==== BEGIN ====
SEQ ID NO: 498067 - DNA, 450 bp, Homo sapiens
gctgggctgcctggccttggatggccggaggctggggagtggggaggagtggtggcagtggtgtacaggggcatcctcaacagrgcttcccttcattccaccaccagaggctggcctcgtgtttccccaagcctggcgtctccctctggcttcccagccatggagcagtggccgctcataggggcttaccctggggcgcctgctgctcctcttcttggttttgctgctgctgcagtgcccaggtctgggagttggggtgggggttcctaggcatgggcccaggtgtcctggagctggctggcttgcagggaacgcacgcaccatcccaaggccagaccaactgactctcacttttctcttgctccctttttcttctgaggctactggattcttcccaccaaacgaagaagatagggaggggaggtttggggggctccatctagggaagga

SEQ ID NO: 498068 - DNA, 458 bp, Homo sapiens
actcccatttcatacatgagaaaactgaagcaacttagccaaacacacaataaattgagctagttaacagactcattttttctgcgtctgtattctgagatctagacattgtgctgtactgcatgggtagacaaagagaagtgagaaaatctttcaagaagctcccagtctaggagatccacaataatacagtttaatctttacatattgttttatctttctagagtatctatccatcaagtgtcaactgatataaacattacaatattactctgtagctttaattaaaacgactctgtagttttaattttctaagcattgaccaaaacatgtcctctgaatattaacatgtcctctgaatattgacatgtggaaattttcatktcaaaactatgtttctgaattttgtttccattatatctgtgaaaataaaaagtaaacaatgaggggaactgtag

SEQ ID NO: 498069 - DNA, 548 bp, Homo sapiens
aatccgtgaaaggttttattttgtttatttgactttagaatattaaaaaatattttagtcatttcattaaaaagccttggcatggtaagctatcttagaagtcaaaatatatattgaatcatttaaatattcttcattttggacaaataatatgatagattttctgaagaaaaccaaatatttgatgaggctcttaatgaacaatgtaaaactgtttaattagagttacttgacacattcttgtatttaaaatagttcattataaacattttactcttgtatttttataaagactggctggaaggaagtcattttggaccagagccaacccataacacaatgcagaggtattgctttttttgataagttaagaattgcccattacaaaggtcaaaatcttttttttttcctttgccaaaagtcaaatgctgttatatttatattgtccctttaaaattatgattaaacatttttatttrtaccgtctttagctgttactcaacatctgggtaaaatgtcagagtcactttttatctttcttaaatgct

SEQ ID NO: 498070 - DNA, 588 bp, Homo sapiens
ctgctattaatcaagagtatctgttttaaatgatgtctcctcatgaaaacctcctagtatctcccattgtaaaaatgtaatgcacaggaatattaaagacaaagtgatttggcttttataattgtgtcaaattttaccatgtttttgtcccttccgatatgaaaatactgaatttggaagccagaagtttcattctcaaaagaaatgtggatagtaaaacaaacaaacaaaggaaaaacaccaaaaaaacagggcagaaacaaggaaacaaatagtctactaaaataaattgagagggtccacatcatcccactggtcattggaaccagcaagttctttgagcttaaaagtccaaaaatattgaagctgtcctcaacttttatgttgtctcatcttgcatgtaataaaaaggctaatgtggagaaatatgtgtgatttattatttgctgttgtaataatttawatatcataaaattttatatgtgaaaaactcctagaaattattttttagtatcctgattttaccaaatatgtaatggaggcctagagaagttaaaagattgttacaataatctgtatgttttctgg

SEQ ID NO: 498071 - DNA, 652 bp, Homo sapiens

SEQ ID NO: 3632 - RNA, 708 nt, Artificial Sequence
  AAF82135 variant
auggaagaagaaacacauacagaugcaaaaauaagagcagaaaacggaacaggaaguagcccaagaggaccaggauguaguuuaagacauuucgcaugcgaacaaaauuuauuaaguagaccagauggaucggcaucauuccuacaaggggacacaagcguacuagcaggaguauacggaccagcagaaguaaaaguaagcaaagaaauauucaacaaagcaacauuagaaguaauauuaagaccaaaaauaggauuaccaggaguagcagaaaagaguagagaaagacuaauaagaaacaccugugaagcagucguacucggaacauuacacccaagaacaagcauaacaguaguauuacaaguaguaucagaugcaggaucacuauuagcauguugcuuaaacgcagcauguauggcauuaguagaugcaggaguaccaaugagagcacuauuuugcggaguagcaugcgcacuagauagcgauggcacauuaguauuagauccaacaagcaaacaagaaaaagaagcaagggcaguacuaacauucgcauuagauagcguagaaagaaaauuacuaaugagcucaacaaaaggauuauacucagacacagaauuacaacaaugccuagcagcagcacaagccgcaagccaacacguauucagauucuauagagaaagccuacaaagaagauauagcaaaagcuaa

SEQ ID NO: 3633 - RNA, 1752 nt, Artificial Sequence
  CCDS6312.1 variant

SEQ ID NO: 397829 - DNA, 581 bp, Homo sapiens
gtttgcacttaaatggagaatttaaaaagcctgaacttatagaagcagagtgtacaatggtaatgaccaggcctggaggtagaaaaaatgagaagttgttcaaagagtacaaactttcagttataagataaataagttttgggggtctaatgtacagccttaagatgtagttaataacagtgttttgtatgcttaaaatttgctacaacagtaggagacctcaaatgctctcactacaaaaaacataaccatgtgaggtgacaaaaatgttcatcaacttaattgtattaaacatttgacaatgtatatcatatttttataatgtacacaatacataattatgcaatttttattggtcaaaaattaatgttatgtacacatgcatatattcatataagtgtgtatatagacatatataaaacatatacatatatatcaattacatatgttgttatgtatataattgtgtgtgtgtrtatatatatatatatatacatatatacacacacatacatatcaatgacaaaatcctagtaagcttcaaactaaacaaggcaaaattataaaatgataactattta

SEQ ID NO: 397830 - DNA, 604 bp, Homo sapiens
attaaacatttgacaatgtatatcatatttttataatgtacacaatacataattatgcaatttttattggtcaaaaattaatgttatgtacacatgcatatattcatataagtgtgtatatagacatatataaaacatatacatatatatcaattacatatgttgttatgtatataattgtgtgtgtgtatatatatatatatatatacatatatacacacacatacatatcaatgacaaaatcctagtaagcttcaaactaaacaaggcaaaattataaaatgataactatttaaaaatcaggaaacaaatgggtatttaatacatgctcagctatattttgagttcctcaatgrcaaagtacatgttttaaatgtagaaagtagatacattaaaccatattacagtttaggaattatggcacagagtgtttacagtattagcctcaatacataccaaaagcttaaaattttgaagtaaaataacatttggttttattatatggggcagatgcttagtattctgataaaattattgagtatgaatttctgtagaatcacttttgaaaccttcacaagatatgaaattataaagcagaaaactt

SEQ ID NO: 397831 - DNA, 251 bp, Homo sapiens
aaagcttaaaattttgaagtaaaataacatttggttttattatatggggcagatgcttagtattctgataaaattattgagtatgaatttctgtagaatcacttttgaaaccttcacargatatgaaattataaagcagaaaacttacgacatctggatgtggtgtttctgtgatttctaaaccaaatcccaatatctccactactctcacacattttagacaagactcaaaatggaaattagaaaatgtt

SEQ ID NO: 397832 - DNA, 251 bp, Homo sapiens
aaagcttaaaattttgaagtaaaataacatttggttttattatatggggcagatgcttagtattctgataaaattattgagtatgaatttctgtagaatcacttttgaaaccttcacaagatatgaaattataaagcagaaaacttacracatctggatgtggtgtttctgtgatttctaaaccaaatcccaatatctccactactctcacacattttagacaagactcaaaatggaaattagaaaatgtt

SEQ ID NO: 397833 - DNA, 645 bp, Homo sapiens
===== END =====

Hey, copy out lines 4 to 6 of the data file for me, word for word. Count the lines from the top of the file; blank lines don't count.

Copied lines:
actcccatttcatacatgagaaaactgaagcaacttagccaaacacacaataaattgagctagttaacagactcattttttctgcgtctgtattctgagatctagacattgtgctgtactgcatgggtagacaaagagaagtgagaaaatctttcaagaagctcccagtctaggagatccacaataatacagtttaatctttacatattgttttatctttctagagtatctatccatcaagtgtcaactgatataaacattacaatattactctgtagctttaattaaaacgactctgtagttttaattttctaagcattgaccaaaacatgtcctctgaatattaacatgtcctctgaatattgacatgtggaaattttcatktcaaaactatgtttctgaattttgtttccattatatctgtgaaaataaaaagtaaacaatgaggggaactgtag

SEQ ID NO: 498069 - DNA, 548 bp, Homo sapiens
aatccgtgaaaggttttattttgtttatttgactttagaatattaaaaaatattttagtcatttcattaaaaagccttggcatggtaagctatcttagaagtcaaaatatatattgaatcatttaaatattcttcattttggacaaataatatgatagattttctgaagaaaaccaaatatttgatgaggctcttaatgaacaatgtaaaactgtttaattagagttacttgacacattcttgtatttaaaatagttcattataaacattttactcttgtatttttataaagactggctggaaggaagtcattttggaccagagccaacccataacacaatgcagaggtattgctttttttgataagttaagaattgcccattacaaaggtcaaaatcttttttttttcctttgccaaaagtcaaatgctgttatatttatattgtccctttaaaattatgattaaacatttttatttrtaccgtctttagctgttactcaacatctgggtaaaatgtcagagtcactttttatctttcttaaatgct